A Brief History of Netflix

Netflix was founded in 1997 as a DVD-by-mail service.  In 2007, Netflix began offering streaming and the company’s focus shifted.  By 2013, three-quarters of Netflix’s domestic revenue came from streaming.  Streaming is now clearly Netflix’s focus, with 97% of its 7,100 employees working on streaming and 95% of domestic revenue coming from streaming in 2018.

In 2014, Netflix stopped marketing its DVD-by-mail service, which it calls its “legacy” business.  The number of DVD subscribers has fallen by two-thirds since that time.  Meanwhile, Netflix has significantly increased its marketing budget for domestic streaming.

This has led to robust growth, with the number of domestic streaming subscribers nearly doubling (from 33 million to 58 million) between 2013 and 2018.

Why does Netflix still offer a DVD-by-mail plan? 

There are two reasons:

  • Netflix tried and failed to jettison the service in 2011
  • The DVD-by-mail segment makes money

Not long after it began offering streaming, Netflix executives saw the writing on the wall and announced that Netflix would be split into two companies: (1) Qwikster, which would handle the DVD-by-mail business, and (2) Netflix, which would solely stream content.  Netflix subscribers became livid, as they were being asked to maintain two different membership accounts and absorb a 60% price increase.  Netflix quickly pulled the Qwikster idea (but kept the price increase) but not before 800,000 subscribers ditched Netflix in a single quarter.  The DVD-by-mail service has stayed with Netflix ever since.

DVD-by-mail may be a declining business, but it did generate $212 million in profit in 2018.  There were still 2.7 million DVD-by-mail subscribers at the end of 2018, so this part of Netflix’s business is likely to hang around for a few more years.

In 2013, the DVD-by-mail profit margin was more than twice the profit margin for streaming.  The gap has narrowed since that time, but DVD-by-mail consistently has a higher profit margin.  This is largely because the cost of revenue is much higher (as a percentage of revenue) for streaming than it is for DVD-by-mail.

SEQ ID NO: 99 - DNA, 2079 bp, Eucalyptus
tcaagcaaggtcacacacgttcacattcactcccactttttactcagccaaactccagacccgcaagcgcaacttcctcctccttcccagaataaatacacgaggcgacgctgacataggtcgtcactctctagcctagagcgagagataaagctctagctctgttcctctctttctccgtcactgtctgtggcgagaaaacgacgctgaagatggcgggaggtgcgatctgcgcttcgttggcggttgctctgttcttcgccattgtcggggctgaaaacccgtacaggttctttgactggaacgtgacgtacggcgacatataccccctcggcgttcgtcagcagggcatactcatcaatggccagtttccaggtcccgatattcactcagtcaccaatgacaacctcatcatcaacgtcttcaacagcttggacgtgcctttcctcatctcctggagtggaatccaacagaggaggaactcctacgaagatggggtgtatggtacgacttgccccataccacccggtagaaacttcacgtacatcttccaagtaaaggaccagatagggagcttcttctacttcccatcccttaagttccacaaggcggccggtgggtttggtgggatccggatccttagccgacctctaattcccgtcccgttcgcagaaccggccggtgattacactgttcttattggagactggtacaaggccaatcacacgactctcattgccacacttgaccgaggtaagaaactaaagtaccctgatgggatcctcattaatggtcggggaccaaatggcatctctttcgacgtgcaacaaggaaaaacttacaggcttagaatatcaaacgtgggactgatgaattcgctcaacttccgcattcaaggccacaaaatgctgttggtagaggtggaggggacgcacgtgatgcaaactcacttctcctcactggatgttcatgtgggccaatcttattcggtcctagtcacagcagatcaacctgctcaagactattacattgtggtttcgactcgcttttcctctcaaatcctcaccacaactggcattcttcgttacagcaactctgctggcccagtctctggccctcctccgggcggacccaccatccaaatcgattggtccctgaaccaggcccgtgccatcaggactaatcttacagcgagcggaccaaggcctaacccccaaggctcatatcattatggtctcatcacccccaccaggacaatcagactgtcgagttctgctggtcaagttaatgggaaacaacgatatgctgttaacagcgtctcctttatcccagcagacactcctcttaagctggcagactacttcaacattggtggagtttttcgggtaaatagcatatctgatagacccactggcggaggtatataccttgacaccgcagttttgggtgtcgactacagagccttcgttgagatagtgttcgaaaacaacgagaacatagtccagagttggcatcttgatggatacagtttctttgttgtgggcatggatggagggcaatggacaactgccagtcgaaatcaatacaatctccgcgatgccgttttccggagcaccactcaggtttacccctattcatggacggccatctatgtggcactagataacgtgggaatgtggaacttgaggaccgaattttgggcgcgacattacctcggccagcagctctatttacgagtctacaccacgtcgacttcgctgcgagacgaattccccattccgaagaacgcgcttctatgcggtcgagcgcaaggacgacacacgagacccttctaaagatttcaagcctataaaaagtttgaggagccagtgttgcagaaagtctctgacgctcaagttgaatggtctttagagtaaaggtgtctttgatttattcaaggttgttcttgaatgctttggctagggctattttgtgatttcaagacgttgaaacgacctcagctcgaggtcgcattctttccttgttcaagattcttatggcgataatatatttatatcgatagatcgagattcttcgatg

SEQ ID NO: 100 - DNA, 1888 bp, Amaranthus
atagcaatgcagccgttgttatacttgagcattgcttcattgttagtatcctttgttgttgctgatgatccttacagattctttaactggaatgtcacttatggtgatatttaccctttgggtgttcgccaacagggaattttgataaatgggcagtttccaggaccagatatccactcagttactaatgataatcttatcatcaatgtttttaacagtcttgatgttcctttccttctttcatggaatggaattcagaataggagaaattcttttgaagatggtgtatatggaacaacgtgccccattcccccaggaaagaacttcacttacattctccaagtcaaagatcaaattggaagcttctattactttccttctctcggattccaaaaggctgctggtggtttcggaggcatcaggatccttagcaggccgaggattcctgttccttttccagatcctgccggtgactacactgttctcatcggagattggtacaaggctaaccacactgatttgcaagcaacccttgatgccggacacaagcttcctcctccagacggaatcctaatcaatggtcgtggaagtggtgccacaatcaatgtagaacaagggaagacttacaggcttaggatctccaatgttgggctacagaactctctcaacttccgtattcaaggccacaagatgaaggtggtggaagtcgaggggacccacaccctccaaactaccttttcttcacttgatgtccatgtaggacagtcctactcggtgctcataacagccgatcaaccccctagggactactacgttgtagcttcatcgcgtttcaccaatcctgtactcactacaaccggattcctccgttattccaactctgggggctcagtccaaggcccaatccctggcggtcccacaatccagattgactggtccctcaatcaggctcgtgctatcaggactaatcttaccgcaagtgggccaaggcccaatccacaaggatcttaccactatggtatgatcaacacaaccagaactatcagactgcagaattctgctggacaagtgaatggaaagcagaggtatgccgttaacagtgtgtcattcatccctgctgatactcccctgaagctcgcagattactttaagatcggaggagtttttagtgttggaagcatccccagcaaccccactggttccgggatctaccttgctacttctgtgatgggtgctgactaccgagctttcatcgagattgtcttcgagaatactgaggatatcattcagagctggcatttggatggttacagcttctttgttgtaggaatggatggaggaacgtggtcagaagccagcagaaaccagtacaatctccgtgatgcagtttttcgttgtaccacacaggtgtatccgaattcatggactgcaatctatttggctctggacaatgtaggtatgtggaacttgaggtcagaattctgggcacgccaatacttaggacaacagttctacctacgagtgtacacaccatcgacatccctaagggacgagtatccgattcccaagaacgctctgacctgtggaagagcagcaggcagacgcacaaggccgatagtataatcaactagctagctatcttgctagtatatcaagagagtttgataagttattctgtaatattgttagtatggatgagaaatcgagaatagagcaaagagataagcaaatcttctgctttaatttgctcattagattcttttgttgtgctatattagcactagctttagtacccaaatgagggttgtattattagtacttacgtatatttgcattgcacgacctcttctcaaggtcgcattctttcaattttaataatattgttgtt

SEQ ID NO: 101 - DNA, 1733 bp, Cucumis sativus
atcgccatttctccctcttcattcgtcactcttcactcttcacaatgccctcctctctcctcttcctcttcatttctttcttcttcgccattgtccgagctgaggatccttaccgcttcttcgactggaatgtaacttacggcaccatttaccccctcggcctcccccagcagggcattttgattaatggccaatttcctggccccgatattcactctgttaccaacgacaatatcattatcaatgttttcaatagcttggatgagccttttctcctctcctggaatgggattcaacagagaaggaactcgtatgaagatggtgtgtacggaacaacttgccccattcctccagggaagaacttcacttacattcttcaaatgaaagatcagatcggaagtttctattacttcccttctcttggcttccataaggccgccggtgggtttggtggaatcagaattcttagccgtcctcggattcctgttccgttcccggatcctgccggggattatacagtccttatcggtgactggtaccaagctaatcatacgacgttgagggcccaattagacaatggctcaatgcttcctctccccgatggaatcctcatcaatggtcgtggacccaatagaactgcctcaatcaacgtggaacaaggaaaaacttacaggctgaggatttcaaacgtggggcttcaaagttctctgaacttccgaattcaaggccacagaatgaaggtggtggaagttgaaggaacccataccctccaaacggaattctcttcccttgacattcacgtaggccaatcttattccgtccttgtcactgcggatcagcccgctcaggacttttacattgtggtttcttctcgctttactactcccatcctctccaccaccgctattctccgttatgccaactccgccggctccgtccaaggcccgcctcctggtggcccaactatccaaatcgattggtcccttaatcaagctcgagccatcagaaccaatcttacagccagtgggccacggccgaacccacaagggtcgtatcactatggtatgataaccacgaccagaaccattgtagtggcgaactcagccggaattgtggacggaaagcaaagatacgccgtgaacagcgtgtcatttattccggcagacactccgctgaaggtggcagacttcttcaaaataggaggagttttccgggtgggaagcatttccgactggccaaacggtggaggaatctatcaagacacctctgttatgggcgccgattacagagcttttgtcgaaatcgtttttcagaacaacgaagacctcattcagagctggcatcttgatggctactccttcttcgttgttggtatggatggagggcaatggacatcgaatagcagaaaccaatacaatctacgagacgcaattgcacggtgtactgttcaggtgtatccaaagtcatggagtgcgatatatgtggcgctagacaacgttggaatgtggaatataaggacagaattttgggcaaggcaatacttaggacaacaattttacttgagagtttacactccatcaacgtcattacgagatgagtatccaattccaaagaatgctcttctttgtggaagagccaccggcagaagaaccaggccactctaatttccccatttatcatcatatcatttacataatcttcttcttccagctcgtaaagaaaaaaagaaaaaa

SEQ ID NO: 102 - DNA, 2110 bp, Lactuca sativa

Cost of revenue is the cost to license and produce Netflix programming, which Netflix capitalizes (makes an asset) and expenses over time.  Netflix’s streaming business loses a higher percentage of sales dollars to cost of revenue than its DVD-by-mail business because it is more expensive to acquire streaming content than it is to purchase DVDs.

What is the future of Netflix and DVD-by-mail?

Netflix would have been happy if streaming never became a thing; as the pre-streaming Netflix was cash-flow positive with no debt.  The rise of streaming led Netflix to borrow heavily in order to obtain content, which created a cash crunch that I discussed in a different article.

But streaming offers Netflix a tremendous opportunity:  economies of scale.  Cost of revenue is primarily a fixed cost; thus, it costs Netflix almost nothing when a new subscriber signs up for streaming.  This isn’t the case for DVD-by-mail, as millions of subscribers can’t use the same DVD at the same time.

Thus, if Netflix can continue its impressive subscriber growth while managing to keep cost of revenue down, it is possible that the company could become cash-flow positive in the long run.  But until that time, Netflix will be grateful to maintain its dwindling DVD-by-mail service as the company needs all the cash it can get.

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